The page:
AMP to return $1.1 billion to shareholders

Wealth management firm AMP has committed to returning $1.1 billion to shareholders over the next 12 months after the company’s balance sheet was strengthened by the sale of some its assets.

AMP, which is going through a period of rapid change as it works to simplify its core offerings and sell parts of the business, said in its half-year results on Thursday that it would commence a $350 million share buyback immediately.

AMP chief executive Alexis George said the wealth giant had made significant progress simplifying its portfolio to make the company more efficient.Credit:Louie Douvis

It will not declare a dividend, but plans another $750 million in capital returns in the next financial year through a special dividend or further share buyback.

“The strength of our balance sheet and capital position has enabled us to announce a return of capital to shareholders of $1.1 billion,” said chief executive Alexis George. “We’re pleased to be able to deliver on this commitment to shareholders.”

In April, George promised that the majority of proceeds from the sale of its parts of its asset management business Collimate Capital would be returned to shareholders, who she thanked for being patient during years of scandals, instability and a languishing share price.

Statutory net profit after tax in the six months to June was $481 million, up $146 million from the first six months of last year. This was mostly due to the sale of the company’s infrastructure debt platform.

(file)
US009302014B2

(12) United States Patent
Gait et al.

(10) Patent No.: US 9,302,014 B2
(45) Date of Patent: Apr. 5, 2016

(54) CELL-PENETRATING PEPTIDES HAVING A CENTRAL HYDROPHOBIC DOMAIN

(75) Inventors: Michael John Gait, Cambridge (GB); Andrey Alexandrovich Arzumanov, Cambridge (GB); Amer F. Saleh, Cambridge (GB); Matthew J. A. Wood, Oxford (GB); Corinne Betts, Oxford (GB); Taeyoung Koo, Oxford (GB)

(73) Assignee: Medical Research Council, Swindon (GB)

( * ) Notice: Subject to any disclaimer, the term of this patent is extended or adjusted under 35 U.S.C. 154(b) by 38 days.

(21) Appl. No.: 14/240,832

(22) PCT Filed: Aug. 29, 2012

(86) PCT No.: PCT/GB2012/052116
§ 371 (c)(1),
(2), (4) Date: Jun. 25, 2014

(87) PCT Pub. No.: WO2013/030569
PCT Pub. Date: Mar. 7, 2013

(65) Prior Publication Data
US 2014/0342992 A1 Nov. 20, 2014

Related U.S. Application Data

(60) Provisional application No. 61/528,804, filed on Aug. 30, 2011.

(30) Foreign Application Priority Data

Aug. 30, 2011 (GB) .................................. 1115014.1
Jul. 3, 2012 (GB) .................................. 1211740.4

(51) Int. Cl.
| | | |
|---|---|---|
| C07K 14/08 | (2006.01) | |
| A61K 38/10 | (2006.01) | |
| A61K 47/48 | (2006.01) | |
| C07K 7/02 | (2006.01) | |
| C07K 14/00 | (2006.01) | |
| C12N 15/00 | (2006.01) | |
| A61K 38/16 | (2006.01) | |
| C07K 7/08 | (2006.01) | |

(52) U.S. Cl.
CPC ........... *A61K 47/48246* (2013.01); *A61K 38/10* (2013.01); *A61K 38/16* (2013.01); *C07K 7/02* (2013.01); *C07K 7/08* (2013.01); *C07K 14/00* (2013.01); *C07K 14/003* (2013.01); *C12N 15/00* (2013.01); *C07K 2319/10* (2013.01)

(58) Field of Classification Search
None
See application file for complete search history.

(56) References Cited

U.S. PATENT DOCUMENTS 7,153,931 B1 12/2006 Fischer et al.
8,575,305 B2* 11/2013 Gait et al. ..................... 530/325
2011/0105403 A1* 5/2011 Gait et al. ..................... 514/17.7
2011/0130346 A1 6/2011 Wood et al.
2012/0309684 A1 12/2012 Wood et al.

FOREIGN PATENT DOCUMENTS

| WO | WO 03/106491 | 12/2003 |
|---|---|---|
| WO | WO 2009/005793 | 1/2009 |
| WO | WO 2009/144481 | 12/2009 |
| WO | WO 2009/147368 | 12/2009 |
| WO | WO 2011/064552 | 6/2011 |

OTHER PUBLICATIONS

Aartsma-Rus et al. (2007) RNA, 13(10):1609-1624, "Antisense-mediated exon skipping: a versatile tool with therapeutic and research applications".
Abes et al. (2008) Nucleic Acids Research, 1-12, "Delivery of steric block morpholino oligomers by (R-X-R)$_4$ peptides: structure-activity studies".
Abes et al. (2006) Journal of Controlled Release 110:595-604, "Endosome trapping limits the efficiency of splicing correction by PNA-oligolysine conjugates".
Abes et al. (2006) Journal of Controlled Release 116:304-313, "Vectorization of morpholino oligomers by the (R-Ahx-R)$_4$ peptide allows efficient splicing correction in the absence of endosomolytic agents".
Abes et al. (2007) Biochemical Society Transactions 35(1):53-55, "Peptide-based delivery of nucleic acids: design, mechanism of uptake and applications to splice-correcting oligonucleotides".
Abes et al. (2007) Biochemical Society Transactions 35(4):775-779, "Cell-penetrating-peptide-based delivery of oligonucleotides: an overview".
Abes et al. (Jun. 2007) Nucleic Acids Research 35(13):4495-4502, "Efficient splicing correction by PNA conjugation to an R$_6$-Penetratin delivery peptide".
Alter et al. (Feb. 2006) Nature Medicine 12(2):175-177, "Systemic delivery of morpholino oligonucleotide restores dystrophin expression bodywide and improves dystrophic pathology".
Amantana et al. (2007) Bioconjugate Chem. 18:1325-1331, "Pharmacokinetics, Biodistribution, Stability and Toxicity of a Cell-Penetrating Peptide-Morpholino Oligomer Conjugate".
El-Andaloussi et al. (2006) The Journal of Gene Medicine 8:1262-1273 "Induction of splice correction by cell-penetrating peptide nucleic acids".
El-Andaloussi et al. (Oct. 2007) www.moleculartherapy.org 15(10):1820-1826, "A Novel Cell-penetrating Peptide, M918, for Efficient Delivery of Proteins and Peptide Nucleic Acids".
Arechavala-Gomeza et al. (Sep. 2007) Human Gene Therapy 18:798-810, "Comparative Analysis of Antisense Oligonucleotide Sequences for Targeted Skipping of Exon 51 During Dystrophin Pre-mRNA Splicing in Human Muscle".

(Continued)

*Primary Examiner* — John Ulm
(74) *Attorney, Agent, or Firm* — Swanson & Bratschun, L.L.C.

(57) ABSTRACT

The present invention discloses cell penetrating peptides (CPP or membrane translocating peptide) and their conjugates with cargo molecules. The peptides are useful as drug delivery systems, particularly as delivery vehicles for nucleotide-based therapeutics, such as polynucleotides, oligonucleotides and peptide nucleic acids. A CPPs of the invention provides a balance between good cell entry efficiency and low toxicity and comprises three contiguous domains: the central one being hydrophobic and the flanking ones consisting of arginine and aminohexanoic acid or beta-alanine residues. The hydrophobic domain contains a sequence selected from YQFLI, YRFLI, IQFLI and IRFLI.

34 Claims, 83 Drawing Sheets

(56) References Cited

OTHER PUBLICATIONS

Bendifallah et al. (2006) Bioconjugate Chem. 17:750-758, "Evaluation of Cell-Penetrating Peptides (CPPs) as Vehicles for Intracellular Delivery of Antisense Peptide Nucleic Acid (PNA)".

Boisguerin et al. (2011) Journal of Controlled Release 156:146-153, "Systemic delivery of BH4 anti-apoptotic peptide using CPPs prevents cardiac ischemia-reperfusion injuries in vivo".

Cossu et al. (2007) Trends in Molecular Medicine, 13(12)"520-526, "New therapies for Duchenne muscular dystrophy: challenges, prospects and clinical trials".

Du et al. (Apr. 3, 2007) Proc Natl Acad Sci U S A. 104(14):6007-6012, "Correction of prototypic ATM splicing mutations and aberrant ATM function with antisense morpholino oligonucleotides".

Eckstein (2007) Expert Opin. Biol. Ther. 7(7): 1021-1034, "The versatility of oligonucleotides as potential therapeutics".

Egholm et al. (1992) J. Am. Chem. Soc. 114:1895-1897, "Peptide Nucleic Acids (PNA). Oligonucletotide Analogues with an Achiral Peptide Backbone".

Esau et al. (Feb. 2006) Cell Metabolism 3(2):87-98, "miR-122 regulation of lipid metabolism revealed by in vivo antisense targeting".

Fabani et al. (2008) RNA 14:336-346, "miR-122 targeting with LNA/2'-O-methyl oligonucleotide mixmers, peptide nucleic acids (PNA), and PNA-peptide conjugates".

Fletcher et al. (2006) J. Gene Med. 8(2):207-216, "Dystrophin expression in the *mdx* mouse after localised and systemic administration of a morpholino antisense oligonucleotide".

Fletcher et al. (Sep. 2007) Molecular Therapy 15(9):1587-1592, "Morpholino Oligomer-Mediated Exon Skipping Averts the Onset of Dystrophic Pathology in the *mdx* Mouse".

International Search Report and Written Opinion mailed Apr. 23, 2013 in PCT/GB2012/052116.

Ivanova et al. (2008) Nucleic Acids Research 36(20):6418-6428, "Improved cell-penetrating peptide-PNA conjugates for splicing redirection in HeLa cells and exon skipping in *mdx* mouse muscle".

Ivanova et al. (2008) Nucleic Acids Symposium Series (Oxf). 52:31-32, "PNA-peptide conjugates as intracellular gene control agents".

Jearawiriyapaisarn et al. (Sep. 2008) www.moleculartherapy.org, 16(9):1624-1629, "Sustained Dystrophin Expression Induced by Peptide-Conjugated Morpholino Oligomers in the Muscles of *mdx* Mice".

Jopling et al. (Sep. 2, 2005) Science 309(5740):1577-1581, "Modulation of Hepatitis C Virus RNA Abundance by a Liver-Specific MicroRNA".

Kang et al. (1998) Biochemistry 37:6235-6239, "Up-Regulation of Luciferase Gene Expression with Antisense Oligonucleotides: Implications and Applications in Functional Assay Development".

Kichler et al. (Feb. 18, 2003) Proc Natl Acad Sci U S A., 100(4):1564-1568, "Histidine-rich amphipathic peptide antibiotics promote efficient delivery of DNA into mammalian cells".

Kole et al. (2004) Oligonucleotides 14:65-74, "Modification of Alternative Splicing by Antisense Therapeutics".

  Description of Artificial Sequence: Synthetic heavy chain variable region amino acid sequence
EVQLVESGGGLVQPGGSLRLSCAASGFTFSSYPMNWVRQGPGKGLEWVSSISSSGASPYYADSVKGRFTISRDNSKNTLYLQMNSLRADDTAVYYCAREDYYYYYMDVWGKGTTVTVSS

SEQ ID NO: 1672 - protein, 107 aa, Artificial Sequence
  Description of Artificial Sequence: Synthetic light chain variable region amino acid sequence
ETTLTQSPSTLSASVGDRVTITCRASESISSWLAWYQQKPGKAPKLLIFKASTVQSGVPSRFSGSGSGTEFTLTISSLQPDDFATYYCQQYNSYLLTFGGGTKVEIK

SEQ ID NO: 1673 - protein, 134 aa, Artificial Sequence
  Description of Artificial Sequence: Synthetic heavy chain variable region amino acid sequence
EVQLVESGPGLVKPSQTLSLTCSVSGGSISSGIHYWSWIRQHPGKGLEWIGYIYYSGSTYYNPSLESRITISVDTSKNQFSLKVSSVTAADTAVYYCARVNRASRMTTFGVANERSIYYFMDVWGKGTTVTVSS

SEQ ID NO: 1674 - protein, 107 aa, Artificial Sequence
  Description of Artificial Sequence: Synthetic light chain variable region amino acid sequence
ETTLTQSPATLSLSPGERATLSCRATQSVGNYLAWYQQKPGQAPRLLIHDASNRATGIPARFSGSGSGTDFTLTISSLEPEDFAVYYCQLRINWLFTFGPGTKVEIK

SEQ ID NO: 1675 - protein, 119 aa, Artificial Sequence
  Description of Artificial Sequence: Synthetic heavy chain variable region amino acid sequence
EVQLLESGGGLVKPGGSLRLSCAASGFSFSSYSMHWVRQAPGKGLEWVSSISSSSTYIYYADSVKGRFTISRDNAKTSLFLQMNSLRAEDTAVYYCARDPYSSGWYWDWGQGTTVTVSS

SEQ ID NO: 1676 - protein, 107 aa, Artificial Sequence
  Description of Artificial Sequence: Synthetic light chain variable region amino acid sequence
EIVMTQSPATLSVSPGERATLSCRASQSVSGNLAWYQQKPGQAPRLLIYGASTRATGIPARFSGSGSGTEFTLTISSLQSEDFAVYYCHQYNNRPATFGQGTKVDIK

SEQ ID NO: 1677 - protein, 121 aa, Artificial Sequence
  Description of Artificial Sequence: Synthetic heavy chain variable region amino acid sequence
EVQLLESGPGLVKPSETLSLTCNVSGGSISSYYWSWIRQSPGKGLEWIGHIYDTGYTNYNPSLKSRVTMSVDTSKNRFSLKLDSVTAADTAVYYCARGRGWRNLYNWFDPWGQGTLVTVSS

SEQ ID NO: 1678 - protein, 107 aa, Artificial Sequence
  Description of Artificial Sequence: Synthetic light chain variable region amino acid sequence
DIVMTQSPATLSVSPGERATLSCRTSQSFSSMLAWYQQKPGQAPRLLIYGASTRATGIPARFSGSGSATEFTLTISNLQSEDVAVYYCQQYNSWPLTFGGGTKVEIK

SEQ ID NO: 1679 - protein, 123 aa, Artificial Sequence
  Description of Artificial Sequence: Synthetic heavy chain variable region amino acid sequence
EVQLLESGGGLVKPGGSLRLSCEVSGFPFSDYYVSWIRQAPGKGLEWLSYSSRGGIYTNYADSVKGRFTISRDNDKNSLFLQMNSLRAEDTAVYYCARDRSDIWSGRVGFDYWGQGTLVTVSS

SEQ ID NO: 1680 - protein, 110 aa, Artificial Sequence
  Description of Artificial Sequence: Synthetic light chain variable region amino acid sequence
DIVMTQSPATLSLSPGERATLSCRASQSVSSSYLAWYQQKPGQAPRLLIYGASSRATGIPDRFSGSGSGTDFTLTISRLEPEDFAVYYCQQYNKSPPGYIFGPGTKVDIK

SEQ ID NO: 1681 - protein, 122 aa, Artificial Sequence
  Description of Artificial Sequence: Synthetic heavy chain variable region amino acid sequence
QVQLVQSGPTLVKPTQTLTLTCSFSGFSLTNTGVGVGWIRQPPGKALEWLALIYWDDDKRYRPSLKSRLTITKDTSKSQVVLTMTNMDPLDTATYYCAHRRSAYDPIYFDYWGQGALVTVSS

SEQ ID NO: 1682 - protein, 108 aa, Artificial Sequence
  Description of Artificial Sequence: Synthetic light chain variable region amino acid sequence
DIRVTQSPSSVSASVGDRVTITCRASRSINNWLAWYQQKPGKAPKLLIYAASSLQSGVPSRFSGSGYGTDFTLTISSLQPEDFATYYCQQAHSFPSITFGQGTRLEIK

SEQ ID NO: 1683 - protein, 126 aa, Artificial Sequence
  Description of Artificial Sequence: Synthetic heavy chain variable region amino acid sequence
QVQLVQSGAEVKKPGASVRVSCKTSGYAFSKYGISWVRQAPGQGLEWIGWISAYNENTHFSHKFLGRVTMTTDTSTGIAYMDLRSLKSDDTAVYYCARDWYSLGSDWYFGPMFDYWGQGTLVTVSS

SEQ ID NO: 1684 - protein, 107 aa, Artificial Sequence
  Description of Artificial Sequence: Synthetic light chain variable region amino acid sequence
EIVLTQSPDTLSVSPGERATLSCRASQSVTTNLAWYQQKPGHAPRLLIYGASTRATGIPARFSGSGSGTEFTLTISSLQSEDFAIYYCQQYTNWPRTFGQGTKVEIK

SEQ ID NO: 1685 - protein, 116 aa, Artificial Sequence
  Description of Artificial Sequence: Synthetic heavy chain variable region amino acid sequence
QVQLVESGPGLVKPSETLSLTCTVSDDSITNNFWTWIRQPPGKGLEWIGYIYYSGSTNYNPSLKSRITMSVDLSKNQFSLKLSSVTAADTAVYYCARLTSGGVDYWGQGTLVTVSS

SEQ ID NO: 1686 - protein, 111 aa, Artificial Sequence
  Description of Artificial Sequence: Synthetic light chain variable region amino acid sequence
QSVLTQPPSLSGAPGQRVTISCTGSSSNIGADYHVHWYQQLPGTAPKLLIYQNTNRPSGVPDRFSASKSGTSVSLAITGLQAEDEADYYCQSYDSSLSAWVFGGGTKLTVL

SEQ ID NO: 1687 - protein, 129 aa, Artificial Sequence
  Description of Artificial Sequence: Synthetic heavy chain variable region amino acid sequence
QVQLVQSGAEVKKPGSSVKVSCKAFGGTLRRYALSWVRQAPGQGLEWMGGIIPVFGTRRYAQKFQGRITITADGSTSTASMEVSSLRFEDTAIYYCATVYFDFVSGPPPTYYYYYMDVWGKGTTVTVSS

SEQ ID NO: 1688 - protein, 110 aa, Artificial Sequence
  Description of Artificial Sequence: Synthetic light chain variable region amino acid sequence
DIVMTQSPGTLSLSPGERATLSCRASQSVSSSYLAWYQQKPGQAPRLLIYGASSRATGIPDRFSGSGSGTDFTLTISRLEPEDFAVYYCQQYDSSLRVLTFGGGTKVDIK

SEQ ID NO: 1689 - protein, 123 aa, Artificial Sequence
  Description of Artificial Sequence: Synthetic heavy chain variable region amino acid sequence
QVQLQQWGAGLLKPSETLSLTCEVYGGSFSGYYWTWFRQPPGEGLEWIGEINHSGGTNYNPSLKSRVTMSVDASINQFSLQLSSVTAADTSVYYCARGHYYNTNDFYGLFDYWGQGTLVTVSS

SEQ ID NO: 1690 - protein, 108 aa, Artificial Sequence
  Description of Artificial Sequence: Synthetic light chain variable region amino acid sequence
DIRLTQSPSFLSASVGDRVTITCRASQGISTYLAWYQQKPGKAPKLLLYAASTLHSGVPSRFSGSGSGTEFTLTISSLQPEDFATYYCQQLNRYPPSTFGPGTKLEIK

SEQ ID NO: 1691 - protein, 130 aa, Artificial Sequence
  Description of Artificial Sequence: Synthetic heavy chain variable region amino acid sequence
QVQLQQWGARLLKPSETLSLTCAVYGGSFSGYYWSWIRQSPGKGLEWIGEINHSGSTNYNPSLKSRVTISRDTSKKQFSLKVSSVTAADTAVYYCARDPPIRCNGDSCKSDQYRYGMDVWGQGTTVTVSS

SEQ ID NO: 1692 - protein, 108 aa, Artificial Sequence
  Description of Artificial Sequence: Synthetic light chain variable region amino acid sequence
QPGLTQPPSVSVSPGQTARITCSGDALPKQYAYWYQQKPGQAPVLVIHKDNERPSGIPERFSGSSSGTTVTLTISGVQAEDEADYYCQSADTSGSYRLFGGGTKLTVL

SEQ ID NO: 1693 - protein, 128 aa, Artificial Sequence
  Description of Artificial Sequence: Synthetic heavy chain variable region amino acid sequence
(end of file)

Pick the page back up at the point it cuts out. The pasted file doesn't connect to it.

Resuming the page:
Underlying net profit after tax was $117 million, down 25 per cent from $155 million in the corresponding period the year before.

George said AMP had made significant progress simplifying its portfolio to make the company more efficient. However, she acknowledged the challenge of continued rocky economic conditions.

“This first half of the year has seen a challenging economic backdrop. Despite the decline in investment markets, our business is well positioned with a robust balance sheet that will help us to drive forward through a period of continued economic uncertainty,” she said.

“AMP is entering its next era as a significantly simplified group, leading in wealth management and banking, and guided by a clear purpose.”

UBS analysts said their first impressions of AMP’s results were mixed. While operating trends remained weak, they said they thought the market would like the earlier-than-expected capital return.

“Whilst core business results remain disappointing, the capital return announcement is earlier than expected, albeit only $350 million of the $1.1 billion earmarked will be conducted this year (via on-market buyback),” they said in a note.

“Underlying earnings are below our forecast and contain evidence of ongoing revenue margin squeeze and rising cost ratios in both wealth and bank.”

AMP Bank’s residential mortgage book grew by $705 million and credit quality remained strong, but the company said the net interest margin of 1.32 per cent (down from 1.62 in the last financial last year) reflected competitive rates and customer preference towards lower margin fixed rates loans.

The net interest margin improved in the second quarter of the year, and is expected to keep improving given rising interest rates.

George said the AMP Bank plans to launch a new digital mortgage later this year which will enable unconditional mortgage approval in as little as 10 minutes.

In AMP’s wealth management arm, assets under management decreased to $126.3 billion, compared to $142.3 billion in the 2021 financial year. The company attributed this to negative investment market returns.

AMP announced a process to explore selling assets in 2020, in a process dubbed the ‘portfolio review’. It came at a time when the business was engulfed in scandal, leading to the demotion of chief executive Boe Pahari after investor outrage over the company’s handling of a sexual harassment complaint against him.

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